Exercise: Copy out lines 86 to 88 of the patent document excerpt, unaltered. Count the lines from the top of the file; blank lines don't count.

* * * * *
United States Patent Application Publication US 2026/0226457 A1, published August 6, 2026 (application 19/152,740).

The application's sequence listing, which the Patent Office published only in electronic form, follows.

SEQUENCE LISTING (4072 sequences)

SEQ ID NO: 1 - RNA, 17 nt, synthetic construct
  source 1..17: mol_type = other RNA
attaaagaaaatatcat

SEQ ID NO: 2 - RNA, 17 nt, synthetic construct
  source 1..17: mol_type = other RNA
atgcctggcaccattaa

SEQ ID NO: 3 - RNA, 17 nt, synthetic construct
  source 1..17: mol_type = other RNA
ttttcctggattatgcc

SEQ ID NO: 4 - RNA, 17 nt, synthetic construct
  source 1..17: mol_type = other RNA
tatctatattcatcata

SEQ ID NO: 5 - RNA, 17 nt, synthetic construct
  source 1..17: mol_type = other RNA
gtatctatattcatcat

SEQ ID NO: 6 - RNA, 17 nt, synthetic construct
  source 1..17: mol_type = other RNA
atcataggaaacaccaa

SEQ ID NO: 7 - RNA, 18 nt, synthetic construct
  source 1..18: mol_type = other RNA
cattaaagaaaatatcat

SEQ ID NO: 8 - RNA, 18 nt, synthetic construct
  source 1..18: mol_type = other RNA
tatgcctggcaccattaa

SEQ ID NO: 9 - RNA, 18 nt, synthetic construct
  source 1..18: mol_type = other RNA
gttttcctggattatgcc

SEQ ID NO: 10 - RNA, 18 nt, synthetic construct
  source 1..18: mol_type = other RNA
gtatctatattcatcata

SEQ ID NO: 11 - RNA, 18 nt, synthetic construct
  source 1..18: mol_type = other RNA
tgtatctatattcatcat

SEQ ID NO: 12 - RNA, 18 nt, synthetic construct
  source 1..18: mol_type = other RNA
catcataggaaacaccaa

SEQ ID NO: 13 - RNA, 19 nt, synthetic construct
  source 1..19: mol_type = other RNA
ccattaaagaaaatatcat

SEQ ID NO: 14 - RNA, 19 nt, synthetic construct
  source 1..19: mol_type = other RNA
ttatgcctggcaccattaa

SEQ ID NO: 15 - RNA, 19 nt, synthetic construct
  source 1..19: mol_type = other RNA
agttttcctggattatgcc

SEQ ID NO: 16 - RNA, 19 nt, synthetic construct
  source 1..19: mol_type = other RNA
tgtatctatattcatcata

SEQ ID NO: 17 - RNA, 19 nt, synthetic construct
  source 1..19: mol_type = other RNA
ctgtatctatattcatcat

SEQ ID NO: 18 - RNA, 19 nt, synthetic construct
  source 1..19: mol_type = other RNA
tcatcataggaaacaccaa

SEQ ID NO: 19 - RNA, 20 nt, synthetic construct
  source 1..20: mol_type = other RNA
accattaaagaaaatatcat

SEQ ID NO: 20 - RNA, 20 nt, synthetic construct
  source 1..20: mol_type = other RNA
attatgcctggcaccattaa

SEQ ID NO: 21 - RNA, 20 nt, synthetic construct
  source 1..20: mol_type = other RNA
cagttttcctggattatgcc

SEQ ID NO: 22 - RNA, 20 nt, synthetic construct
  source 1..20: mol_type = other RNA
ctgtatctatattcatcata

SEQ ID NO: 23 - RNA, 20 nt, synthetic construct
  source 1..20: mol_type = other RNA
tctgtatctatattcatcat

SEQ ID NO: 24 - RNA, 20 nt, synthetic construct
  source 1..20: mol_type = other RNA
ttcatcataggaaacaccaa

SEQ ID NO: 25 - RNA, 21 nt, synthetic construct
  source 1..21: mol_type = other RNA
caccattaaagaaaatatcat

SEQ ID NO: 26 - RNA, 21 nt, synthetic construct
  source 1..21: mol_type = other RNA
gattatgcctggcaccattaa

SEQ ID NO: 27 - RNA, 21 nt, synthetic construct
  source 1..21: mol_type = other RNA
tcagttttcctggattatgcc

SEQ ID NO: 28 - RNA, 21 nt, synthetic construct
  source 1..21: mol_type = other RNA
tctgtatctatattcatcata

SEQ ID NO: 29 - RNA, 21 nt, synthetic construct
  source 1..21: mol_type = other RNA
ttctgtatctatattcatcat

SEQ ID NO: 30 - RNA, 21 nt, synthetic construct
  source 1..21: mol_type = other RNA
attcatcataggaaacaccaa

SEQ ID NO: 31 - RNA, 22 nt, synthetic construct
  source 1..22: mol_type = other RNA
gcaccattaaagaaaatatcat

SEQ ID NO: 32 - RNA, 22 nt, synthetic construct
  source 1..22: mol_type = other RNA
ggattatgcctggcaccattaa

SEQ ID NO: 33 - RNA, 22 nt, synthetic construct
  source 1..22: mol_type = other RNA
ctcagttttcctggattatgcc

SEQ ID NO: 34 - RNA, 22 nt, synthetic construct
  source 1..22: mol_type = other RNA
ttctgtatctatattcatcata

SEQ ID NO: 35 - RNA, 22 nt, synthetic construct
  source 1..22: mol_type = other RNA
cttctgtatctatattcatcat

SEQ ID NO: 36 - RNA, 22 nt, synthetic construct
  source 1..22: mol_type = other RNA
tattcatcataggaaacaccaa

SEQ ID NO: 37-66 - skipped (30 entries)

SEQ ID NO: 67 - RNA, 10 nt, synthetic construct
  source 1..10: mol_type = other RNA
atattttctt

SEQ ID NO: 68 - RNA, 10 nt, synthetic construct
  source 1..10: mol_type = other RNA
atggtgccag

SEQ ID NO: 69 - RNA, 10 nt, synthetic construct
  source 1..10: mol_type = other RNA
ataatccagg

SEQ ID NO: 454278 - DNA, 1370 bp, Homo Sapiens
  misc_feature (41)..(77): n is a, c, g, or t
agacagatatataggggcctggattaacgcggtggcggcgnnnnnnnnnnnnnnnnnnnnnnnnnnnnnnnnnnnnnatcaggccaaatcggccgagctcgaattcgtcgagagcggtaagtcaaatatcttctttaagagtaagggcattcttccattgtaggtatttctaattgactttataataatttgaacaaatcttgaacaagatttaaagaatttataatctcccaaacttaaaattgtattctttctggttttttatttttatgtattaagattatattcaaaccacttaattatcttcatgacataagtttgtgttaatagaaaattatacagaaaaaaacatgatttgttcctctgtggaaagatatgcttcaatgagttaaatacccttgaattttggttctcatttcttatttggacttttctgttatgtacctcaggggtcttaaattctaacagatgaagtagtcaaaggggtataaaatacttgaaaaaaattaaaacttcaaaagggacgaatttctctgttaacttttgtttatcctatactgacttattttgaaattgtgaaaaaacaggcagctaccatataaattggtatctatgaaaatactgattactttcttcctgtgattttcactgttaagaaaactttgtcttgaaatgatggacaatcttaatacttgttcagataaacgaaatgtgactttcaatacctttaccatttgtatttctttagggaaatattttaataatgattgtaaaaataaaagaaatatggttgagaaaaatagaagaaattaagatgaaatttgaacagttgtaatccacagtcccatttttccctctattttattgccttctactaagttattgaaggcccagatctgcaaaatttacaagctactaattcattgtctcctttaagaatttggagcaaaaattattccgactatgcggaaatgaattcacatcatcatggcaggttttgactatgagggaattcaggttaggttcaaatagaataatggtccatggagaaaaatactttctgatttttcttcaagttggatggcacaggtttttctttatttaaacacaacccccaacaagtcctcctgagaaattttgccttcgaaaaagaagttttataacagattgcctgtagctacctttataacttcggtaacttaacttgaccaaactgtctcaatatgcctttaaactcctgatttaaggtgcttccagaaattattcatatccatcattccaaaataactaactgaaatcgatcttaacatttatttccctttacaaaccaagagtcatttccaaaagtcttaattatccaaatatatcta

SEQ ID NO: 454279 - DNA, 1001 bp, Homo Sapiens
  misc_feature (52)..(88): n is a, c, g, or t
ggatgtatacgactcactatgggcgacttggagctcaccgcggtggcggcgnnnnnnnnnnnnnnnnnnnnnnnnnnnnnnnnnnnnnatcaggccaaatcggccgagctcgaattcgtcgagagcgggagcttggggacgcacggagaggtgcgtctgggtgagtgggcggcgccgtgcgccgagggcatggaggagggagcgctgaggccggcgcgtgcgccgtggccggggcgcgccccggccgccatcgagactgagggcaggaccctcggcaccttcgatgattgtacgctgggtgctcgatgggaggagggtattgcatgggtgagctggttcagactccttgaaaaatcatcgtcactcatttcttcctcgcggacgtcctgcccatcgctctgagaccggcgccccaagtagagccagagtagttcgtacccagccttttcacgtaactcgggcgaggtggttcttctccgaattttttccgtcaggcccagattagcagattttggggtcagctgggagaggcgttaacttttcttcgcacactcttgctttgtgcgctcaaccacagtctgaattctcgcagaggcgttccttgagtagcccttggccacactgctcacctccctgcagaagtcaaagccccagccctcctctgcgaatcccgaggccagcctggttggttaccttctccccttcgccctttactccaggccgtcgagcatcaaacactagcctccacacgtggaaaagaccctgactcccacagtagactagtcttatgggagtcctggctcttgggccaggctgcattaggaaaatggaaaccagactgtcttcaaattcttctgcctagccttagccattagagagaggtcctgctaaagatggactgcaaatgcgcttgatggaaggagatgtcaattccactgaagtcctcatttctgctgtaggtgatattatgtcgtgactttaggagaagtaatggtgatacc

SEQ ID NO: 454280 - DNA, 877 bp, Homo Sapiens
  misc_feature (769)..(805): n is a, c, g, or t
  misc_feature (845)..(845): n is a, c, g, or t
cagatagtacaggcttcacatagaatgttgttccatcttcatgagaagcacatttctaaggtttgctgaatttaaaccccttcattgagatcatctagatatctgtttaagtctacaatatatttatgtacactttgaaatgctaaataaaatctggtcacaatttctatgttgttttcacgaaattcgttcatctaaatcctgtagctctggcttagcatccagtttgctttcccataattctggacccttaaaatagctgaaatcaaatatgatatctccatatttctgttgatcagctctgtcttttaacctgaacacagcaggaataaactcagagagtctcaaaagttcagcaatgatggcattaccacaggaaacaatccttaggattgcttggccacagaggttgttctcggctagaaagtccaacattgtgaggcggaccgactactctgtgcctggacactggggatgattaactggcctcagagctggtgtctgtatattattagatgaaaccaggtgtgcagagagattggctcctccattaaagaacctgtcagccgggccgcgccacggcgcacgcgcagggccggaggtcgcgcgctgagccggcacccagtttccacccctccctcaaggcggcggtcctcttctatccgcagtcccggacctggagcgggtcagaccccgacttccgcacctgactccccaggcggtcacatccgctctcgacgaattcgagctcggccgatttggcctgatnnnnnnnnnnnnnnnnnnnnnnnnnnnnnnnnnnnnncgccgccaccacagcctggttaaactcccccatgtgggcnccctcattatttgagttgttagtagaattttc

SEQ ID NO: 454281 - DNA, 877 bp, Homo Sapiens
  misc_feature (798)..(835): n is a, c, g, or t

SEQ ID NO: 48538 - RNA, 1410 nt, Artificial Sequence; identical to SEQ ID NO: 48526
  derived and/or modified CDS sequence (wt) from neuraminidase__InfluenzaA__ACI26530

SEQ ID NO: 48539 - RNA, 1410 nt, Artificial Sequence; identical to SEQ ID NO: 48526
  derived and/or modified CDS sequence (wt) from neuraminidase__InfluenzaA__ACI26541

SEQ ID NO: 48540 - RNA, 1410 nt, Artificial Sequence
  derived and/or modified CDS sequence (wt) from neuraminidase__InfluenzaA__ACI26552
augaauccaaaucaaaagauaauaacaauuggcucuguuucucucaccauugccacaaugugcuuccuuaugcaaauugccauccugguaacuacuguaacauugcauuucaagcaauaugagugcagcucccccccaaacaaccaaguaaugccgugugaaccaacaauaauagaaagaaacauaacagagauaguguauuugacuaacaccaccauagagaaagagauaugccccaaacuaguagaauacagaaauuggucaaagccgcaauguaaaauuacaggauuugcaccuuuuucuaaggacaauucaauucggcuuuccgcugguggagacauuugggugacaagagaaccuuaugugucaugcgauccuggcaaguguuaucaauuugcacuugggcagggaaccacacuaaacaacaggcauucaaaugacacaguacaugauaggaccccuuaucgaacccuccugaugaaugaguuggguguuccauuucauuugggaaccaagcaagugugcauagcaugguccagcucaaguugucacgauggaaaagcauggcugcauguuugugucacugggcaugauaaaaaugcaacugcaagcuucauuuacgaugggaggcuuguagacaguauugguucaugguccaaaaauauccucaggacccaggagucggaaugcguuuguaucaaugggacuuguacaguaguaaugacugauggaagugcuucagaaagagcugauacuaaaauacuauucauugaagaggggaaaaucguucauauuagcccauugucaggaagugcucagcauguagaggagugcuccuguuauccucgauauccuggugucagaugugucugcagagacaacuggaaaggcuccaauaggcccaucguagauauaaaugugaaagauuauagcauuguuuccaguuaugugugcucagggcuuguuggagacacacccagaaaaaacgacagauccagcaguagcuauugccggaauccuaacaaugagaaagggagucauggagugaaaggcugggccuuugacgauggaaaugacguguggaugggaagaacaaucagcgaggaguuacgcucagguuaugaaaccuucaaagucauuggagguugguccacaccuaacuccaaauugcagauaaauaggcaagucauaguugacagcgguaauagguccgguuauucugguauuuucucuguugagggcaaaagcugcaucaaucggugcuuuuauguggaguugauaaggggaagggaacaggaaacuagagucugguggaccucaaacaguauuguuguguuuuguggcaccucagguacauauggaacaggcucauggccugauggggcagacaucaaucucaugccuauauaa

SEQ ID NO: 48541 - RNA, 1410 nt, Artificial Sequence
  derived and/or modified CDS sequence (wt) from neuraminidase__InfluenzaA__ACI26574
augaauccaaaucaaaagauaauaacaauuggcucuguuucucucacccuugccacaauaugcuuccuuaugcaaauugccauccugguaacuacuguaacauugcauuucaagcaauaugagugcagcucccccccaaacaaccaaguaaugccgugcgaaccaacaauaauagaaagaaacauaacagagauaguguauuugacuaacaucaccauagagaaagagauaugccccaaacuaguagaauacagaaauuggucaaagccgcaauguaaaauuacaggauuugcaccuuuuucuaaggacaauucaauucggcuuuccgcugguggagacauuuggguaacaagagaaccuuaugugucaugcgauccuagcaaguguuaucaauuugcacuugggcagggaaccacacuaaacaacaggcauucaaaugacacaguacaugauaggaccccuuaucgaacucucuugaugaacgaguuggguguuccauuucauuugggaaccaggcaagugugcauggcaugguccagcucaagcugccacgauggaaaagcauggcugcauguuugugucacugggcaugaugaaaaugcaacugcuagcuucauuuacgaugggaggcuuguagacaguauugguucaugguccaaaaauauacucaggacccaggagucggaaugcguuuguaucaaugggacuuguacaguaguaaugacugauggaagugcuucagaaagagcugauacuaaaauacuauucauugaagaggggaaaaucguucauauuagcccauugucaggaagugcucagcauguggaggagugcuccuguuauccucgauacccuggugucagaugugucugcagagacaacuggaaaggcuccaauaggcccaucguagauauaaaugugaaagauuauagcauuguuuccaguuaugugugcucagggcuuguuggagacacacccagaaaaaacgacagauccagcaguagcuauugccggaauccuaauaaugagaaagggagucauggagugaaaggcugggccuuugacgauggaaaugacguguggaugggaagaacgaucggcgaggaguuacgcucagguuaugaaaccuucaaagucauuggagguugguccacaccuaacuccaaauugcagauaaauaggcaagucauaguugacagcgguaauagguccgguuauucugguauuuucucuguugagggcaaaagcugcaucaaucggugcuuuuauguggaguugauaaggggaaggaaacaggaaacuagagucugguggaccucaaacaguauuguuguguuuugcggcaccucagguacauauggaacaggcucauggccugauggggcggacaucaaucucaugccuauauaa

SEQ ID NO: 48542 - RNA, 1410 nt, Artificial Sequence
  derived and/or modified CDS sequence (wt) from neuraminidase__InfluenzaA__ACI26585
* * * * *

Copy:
  source 1..21: mol_type = other RNA
tctgtatctatattcatcata

SEQ ID NO: 29 - RNA, 21 nt, synthetic construct